David Koepp is a celebrated American screenwriter and director best known for his work on Jurassic Park, Spider-Man, Panic Room, War of the Worlds, and Mission: Impossible. His work on screen has grossed over $6 billion worldwide.
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Cold Storage is a wild and terrifying adventure about three strangers who must work together to contain a highly contagious, deadly organism. Can you tell us a bit more about the book?
I’d always wanted to write something in a longer form, and a novel seemed like the grand experiment I needed to conduct. What was intoxicating about it was that I got to use writing techniques that are unavailable to the screenwriter – for the first time in 30 years, I was able to write what a character THOUGHT or FELT, rather than just what they said or did. I was a bit giddy with the freedom, so much so that I even decided to go into the point of view of the dead fungus itself.
The book is a combination of science, character work, body horror, and humor. It’s a tricky blend, and one that I felt was more suited to prose than to screenwriting.
What inspired this novel?
The initial idea came, as ideas often do, from walking down the street in New York City. It was a steamy-hot August morning, and I passed a young man in a private security uniform. It was 7 a.m., so I guessed he was either coming back from or going to a job he hated. He looked pretty miserable. But I had a flash of an idea, which was what if something horrible happened to him on the night shift, but what if this guy who hates his shitty job decides hey, this is MY shitty job, and I’m going to do it right. That’s a guy whose story I’d like to tell.
From there the idea came together as bits of collected string – a mysterious beeping smoke alarm in our house whose source we couldn’t locate for two weeks (in a tiny attic we didn’t even know we had), a strain of Ophiocordyceps my science-obsessed son was fascinated with, and a healthy dollop from my memories of growing up in a small town in the Midwest. They spun together into this story.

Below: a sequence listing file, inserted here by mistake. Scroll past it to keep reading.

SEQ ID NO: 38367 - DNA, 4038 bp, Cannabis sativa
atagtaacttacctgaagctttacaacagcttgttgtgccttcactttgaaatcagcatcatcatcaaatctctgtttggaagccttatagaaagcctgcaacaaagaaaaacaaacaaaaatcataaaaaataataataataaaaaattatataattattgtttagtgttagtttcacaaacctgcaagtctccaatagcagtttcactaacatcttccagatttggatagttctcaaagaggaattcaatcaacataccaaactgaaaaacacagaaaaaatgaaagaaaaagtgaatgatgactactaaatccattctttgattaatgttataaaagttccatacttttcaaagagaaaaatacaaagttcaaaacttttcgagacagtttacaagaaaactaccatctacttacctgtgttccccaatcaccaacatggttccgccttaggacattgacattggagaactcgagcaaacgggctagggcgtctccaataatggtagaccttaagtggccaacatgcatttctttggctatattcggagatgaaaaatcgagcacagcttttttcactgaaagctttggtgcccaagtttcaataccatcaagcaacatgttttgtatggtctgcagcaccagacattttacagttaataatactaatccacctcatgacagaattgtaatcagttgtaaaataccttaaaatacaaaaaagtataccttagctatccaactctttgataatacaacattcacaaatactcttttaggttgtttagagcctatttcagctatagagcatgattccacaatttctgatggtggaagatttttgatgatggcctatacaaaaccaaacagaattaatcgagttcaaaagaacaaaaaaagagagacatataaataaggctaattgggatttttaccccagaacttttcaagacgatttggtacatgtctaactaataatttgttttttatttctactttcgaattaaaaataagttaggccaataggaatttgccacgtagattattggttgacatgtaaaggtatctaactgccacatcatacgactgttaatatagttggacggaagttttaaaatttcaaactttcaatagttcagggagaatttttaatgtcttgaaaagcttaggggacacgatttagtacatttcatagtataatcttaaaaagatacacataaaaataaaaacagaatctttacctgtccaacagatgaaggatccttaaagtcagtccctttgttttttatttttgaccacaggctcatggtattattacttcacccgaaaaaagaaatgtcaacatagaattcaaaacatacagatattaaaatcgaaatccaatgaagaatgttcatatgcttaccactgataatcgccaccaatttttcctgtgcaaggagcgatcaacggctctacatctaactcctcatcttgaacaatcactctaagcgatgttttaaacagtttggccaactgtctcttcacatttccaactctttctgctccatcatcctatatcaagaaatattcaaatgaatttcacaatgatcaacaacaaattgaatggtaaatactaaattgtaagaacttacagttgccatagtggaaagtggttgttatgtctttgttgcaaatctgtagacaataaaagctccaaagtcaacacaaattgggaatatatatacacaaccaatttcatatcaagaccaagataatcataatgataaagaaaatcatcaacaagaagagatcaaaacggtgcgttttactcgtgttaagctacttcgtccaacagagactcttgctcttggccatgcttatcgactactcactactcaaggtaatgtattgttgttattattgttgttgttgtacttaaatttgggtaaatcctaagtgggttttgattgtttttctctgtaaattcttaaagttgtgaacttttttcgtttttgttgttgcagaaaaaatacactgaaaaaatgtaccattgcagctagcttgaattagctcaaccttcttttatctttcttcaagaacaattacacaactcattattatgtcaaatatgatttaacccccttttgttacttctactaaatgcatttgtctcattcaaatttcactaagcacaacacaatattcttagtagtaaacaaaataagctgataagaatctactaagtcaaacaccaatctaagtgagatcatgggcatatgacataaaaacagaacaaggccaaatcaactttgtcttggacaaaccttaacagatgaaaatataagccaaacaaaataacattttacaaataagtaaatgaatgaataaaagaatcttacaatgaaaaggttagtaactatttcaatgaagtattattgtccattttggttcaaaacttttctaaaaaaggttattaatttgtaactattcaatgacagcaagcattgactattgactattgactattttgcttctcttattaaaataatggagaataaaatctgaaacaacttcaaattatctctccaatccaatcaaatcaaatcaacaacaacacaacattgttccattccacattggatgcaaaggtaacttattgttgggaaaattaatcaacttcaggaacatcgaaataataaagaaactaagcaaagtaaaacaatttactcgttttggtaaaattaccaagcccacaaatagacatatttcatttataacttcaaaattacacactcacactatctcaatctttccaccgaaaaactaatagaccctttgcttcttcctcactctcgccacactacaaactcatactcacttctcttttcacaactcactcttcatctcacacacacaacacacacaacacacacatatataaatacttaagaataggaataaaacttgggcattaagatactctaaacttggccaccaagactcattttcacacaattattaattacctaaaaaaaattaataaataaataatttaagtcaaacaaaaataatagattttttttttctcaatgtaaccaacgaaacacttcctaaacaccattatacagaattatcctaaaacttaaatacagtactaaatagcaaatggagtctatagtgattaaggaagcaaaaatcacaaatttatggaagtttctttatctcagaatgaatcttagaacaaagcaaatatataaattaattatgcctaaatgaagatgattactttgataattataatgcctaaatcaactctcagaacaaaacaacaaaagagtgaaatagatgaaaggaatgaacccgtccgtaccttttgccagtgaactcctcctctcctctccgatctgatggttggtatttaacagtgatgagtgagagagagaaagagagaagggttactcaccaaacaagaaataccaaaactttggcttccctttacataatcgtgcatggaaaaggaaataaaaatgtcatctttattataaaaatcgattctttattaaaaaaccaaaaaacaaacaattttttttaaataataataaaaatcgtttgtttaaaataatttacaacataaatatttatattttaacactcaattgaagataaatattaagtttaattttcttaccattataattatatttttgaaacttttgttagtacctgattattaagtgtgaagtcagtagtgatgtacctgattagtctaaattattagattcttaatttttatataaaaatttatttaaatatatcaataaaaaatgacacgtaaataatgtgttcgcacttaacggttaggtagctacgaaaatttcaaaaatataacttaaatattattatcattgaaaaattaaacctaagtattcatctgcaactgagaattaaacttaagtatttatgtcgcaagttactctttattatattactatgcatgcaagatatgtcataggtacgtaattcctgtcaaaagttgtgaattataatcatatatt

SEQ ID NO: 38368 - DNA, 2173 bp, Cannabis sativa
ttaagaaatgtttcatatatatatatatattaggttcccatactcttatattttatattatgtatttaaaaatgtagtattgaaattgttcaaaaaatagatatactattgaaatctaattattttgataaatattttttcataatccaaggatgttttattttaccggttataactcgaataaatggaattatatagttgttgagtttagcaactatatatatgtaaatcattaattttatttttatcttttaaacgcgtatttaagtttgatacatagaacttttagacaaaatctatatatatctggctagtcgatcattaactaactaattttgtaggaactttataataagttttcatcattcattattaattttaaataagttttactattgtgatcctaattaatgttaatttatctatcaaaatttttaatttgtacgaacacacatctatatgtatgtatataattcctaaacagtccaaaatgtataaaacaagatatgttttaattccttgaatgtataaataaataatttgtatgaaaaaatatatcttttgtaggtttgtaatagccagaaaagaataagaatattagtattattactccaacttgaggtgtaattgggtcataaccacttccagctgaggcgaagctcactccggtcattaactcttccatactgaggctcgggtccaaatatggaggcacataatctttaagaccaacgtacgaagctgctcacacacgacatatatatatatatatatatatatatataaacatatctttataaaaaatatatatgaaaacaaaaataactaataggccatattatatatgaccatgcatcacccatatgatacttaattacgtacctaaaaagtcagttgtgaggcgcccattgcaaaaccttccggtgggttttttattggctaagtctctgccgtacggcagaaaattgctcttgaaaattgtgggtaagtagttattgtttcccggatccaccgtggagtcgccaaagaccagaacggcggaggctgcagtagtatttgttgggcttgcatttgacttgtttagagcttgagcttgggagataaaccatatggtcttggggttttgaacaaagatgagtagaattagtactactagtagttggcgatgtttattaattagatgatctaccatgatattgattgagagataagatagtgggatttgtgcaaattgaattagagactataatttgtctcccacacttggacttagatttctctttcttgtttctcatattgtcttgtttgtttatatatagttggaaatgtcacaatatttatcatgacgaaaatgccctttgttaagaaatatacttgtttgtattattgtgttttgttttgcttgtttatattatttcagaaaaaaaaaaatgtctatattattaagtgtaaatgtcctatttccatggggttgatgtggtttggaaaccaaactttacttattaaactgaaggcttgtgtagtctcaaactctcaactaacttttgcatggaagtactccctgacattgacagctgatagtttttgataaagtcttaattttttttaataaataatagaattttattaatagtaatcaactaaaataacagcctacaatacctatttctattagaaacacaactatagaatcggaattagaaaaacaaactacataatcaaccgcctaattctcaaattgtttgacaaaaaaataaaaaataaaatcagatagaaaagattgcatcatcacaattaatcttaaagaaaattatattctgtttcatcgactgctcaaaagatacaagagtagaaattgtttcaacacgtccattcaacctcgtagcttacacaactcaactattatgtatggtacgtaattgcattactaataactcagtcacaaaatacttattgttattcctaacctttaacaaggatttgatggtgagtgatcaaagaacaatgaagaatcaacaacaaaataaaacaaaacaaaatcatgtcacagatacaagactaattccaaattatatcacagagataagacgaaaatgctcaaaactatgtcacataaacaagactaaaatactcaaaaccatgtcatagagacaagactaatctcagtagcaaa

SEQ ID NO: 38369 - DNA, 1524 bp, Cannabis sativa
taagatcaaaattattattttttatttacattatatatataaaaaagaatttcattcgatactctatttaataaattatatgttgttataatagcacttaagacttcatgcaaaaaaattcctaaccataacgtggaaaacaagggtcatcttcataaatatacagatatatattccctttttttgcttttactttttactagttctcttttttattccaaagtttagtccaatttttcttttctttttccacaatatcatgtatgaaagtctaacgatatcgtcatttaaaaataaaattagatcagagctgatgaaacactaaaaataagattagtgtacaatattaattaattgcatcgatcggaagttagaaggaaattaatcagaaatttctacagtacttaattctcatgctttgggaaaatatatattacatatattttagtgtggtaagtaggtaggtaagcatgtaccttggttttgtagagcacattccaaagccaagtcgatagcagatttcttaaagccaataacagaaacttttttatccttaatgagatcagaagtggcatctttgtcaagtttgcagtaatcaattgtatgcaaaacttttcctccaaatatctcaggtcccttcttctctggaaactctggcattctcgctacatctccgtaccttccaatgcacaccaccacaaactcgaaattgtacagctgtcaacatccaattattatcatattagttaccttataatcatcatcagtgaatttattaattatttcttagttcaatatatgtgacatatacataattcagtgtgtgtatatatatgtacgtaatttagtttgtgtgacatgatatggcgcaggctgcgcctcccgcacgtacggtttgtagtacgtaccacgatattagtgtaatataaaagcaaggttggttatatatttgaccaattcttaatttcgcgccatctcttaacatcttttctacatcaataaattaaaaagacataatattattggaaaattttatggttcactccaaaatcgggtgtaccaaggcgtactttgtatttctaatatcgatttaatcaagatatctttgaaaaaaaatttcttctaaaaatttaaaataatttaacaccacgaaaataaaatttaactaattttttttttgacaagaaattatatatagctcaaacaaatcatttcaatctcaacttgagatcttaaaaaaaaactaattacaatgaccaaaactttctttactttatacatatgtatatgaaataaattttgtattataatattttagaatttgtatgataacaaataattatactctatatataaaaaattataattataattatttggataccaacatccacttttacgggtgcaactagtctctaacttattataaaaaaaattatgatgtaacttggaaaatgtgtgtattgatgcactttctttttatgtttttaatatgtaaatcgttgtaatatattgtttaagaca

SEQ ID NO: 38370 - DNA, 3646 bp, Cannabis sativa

Can you tell us about your research process for this book?
I wanted the first draft to be driven by the characters and my own story ideas, rather than real and plausible science. So all the science in the book was just what I could read and research on my own, from books, magazines, and the internet. After the draft was finished, I found a microbiologist who was willing to read the thing and consult on the project. After he had a good laugh, we sat down and went through it bit by bit, making everything at least approach reality. There are stretches, to be sure, but nothing completely outlandish or invented whole-hog.
You’re a screenwriter. How different is that to writing a novel, and will you continue writing novels?
Aside from the mechanical differences – movies are basically about what people say and do, whereas books are about what people think and feel – the differences in process are the biggest thing. With a book, you are ultimately by yourself, whereas on a movie I’ve always thought everyone’s job description should be “assistant storyteller.” Both approaches, the solitary and the collaborative, can result in good work, but they are very, very different ways of working. I love them both, but I will say my interest in writing books has been piqued, and I am starting another one as we speak.
What is something that has really influenced you as a writer?
All good work influences me. I read somewhere that we must jam in as much input as we can, through painting, photography, reading, theatre, cinema, talking to strangers, and anything else we can think of. Then we take that accumulated information and impression, swirl it around in her heads, and what comes out is our own personal point of view. I’ve always loved that and try to live that way. When I’m not napping.